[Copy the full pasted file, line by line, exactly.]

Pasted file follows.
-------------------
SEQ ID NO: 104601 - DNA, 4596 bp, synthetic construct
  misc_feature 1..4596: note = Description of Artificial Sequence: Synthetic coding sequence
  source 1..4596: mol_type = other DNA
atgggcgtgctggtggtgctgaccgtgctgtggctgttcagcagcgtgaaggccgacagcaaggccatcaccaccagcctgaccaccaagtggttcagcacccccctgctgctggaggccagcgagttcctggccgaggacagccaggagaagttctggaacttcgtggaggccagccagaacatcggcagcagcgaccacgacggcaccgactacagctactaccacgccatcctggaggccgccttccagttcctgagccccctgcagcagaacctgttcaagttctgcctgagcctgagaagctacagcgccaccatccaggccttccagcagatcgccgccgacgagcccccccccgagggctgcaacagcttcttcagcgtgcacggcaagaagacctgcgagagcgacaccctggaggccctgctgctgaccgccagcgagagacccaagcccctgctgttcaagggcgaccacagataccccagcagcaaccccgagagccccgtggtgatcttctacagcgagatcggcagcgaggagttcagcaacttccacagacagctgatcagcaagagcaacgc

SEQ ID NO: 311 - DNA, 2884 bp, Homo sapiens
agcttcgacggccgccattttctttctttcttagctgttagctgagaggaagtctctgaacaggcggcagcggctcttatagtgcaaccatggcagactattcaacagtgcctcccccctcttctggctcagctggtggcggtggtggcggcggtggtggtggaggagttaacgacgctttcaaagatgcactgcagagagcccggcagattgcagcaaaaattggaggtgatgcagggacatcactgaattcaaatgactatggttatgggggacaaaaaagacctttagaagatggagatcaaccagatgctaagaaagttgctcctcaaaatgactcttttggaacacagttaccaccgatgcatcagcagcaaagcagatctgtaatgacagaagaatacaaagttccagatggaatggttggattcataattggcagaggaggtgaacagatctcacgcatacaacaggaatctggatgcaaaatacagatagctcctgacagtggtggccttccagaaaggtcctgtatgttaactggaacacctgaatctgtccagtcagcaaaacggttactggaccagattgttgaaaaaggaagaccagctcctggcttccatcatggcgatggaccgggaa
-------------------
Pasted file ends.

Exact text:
SEQ ID NO: 104601 - DNA, 4596 bp, synthetic construct
  misc_feature 1..4596: note = Description of Artificial Sequence: Synthetic coding sequence
  source 1..4596: mol_type = other DNA
atgggcgtgctggtggtgctgaccgtgctgtggctgttcagcagcgtgaaggccgacagcaaggccatcaccaccagcctgaccaccaagtggttcagcacccccctgctgctggaggccagcgagttcctggccgaggacagccaggagaagttctggaacttcgtggaggccagccagaacatcggcagcagcgaccacgacggcaccgactacagctactaccacgccatcctggaggccgccttccagttcctgagccccctgcagcagaacctgttcaagttctgcctgagcctgagaagctacagcgccaccatccaggccttccagcagatcgccgccgacgagcccccccccgagggctgcaacagcttcttcagcgtgcacggcaagaagacctgcgagagcgacaccctggaggccctgctgctgaccgccagcgagagacccaagcccctgctgttcaagggcgaccacagataccccagcagcaaccccgagagccccgtggtgatcttctacagcgagatcggcagcgaggagttcagcaacttccacagacagctgatcagcaagagcaacgc

SEQ ID NO: 311 - DNA, 2884 bp, Homo sapiens
agcttcgacggccgccattttctttctttcttagctgttagctgagaggaagtctctgaacaggcggcagcggctcttatagtgcaaccatggcagactattcaacagtgcctcccccctcttctggctcagctggtggcggtggtggcggcggtggtggtggaggagttaacgacgctttcaaagatgcactgcagagagcccggcagattgcagcaaaaattggaggtgatgcagggacatcactgaattcaaatgactatggttatgggggacaaaaaagacctttagaagatggagatcaaccagatgctaagaaagttgctcctcaaaatgactcttttggaacacagttaccaccgatgcatcagcagcaaagcagatctgtaatgacagaagaatacaaagttccagatggaatggttggattcataattggcagaggaggtgaacagatctcacgcatacaacaggaatctggatgcaaaatacagatagctcctgacagtggtggccttccagaaaggtcctgtatgttaactggaacacctgaatctgtccagtcagcaaaacggttactggaccagattgttgaaaaaggaagaccagctcctggcttccatcatggcgatggaccgggaa